They revolve around pay and social protection. Remember that one third of the agricultural labour force is made up of the female family members of the farm manager, i.e. more than 43,000 women in 2019. However, only 30% of them are registered as employed or self-employed, the others are not paid for their work. If they retire, they receive insufficient benefits. This also means that in the event of an accident or illness, these women receive nothing, which is why, as a minimum, they should be covered for loss of earnings.
How are farming women perceived and viewed in rural areas?
Fairly well, but there remains a patriarchal aspect in the farming world which is more tenacious than elsewhere. There are also taboos that stop farming women receiving a salary that recognises their work. They should be better protected, which is what the draft new agricultural policy, currently suspended, is intended to do.
How has the cause of farming women evolved in recent decades?
It has evolved enormously, in parallel with the cause of women everywhere in Switzerland, but perhaps with a slight delay. It is worth remembering that, in 1978, under the old matrimonial law, women still had to ask their husbands to sign their registration for a farmer's licence. This is water under the bridge now and women who want to can become farm managers, although only 6.6% have yet taken that path.
Ida Pidoux and Mauricette Cachemaille in history
She was the secretary at the Cantonal School of Agriculture in Grange-Verney, near Moudon. Her name was Mauricette Cachemaille. On 20 May 1959, Miss Mauricette Cachemaille, as she was known at the time, became, and will forever remain, the first female municipal councillor in Switzerland. A few weeks earlier, several kilometres away, at the stroke of 1 p.m. on 19th April, in the electoral office of Oulens, Miss Ida Pidoux, owner of an agricultural estate, had quite simply become the first woman in Switzerland to carry out her civic duty.
My husband was more of a feminist than me.
Gabrielle Nanchen, 78, retired, former National Council member for Valais
Elected in 1971 to the National Council at the age of 28, Gabrielle Nanchen was one of the first twelve women to take her seat in the chamber. The election had taken her by surprise: «The Socialist Party had asked me to stand, I had accepted because of my activism and ideals, but I didn’t want to be elected, I lived where I live now, in Icogne, Valais, I didn’t have a car, I would have had to find someone to look after the children, it was inconceivable.» She considered refusing her election. «But my husband said ‹no way, you have to honour the voters’ wishes›. He managed, with the help of his mother, to take care of our children. When we met, he, a man from Valais, was more feminist than me, a woman from Vaud.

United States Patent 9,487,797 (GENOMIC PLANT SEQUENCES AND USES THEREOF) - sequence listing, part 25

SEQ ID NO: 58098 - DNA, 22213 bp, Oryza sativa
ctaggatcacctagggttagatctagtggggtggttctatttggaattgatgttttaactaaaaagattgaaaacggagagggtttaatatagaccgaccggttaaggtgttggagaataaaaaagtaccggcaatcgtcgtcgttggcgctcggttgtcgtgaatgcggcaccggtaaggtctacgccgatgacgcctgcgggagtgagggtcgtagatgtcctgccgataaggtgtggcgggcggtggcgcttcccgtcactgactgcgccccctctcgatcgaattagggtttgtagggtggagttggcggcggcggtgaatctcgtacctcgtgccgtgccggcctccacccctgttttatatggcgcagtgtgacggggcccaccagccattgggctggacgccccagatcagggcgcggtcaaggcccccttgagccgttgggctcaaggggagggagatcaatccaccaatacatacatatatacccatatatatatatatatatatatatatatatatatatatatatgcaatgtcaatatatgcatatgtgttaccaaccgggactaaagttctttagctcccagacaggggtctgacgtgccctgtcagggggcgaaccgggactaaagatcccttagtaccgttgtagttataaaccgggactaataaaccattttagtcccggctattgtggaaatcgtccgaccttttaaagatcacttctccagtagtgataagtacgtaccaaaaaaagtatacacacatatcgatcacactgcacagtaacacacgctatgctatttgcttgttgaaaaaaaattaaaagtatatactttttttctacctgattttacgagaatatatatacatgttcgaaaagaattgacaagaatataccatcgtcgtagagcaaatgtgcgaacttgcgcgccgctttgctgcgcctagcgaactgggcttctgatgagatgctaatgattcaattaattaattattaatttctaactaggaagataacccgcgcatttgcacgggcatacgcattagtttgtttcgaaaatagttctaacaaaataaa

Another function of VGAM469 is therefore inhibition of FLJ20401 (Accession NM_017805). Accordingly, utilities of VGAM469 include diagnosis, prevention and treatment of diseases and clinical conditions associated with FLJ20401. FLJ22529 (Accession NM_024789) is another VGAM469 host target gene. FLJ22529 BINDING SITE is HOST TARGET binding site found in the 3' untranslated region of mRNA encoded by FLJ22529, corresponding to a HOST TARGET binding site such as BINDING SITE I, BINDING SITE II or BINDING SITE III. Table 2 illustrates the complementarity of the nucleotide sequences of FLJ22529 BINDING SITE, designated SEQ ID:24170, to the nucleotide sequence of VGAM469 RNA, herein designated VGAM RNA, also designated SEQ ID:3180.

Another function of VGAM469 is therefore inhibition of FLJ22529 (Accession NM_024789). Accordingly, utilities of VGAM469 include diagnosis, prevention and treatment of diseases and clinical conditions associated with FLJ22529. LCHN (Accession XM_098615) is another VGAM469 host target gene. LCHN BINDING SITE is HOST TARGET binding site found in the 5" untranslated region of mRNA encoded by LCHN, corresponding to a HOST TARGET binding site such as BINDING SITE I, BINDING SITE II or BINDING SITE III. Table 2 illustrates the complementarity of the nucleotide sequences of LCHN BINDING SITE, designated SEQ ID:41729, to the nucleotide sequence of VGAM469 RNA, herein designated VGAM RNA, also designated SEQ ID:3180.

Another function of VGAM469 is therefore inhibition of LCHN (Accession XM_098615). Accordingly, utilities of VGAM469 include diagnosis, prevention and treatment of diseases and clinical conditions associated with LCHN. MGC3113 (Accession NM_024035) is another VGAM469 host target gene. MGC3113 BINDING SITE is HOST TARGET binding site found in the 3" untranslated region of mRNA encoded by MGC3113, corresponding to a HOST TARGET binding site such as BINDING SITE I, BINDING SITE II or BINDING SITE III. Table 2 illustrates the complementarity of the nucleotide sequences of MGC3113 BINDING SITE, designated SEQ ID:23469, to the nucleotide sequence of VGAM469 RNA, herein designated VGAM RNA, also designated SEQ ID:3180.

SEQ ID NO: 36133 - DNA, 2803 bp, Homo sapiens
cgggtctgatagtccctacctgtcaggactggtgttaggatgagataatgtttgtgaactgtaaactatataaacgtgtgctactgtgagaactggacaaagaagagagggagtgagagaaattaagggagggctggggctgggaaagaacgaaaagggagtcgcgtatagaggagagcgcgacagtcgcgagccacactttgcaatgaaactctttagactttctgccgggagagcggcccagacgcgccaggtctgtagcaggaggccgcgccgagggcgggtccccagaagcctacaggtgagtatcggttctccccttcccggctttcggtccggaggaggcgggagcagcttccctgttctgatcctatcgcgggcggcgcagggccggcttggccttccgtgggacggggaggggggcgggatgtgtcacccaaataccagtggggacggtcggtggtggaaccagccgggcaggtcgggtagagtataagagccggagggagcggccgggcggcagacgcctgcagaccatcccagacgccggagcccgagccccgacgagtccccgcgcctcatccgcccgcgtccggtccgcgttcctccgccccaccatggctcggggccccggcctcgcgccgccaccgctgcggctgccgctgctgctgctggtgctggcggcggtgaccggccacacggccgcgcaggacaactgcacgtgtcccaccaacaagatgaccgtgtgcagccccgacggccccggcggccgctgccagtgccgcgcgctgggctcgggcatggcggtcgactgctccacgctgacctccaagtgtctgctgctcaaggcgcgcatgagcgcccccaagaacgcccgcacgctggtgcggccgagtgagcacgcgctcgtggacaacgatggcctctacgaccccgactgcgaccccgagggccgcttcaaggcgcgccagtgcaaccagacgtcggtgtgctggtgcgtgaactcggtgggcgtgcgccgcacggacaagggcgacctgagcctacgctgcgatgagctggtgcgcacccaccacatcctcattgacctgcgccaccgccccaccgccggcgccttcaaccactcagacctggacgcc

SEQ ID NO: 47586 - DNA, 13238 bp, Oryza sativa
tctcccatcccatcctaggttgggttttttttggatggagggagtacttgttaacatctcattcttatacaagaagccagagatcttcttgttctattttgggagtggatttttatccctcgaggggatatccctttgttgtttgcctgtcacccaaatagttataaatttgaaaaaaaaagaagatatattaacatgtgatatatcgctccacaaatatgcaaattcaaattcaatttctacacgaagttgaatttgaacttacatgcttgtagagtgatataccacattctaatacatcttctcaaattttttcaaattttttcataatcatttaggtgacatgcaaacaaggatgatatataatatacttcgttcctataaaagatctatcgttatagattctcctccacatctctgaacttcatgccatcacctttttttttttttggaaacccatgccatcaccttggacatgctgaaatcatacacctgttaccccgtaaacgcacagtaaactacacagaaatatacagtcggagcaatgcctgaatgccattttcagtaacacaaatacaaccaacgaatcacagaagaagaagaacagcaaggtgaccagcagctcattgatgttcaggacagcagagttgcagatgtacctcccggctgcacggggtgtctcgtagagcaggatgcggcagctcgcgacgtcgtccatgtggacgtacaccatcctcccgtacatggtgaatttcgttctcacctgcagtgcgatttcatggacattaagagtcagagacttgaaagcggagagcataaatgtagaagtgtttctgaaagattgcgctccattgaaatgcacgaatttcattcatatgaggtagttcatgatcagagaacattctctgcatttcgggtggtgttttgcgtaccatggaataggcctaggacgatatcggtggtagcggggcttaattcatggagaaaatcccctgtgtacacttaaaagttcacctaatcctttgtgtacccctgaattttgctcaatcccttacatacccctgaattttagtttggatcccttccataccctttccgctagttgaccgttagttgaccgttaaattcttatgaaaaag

Gabrielle Nanchen recalls that Le Nouvelliste published her photo in black and white, while those of the other two parties’ candidates were in colour, highlighting her maiden name: Straggiotti, which was of Italian origin.
When we point out to her that things have hardly changed, given that the current Valais representation in Bern includes nine men and only one woman, she replies that, of course, «it is unworthy of a modern and democratic canton», but that politics «is about other things as well. What you do as a citizen is also important.» And while the representation of women in official bodies remains too small, «on the other hand they have a strong presence and play a major role in civic activities, as we have seen with the women's strike or the climate demonstrations».
Unterbäch’s starting shot
In March 1957: even the New York Times reported on the village of Unterbäch in Haut-Valais, which was the first in Switzerland to allow women to take part in a federal poll, having decided that the subject, the establishment of compulsory civic service for women, concerned them. The Municipal Council installed two ballot boxes, one for men and one for women, which allowed the Valais government to invalidate the 33 ballots cast by the female citizens.
I vote to fight inequalities.
Océane Gachoud, 20, student
On 7 February 2021, Océane Gachoud, from Fribourg, will be 20. The exact day on which, fifty years ago, Switzerland granted women the right to vote. A happy coincidence for this student who was praised for her excellent dissertation that dealt precisely with the obstacles to the introduction of female suffrage! «The trigger was Petra Volpe's film The Divine Order. It traces the journey of a feminist fighter in the 1970s and it had a profound effect on me. I wanted to uncover this secret and find out why Switzerland took so long to give women the vote.» Inspired by her subject, Océane Gachoud read widely and met pioneers and committed historians, including Brigitte Studer and Elisabeth Joris. So why did Switzerland lag behind? «The patriarchy was well-established. The stereotype of the housewife bringing up children has persisted in advertising and mentalities. Until 1988, men could forbid their wives to work!» Stunned by this, Océane Gachoud now says she is sensitive to women's rights, but does not believe in fighting by force. «To fight inequalities, I vote! It is both a right and a duty, not to exercise it is scandalous. In 1971, the ‹yes› campaign won 65.7% of the vote. Which means that every voice counts!»
Text: Nadia Barth, Patricia Brambilla, Véronique Kipfer, Alain Portner, Laurent Nicolet, Pierre Wuthrich
Photos: Niels Ackermann, Julie de Tribolet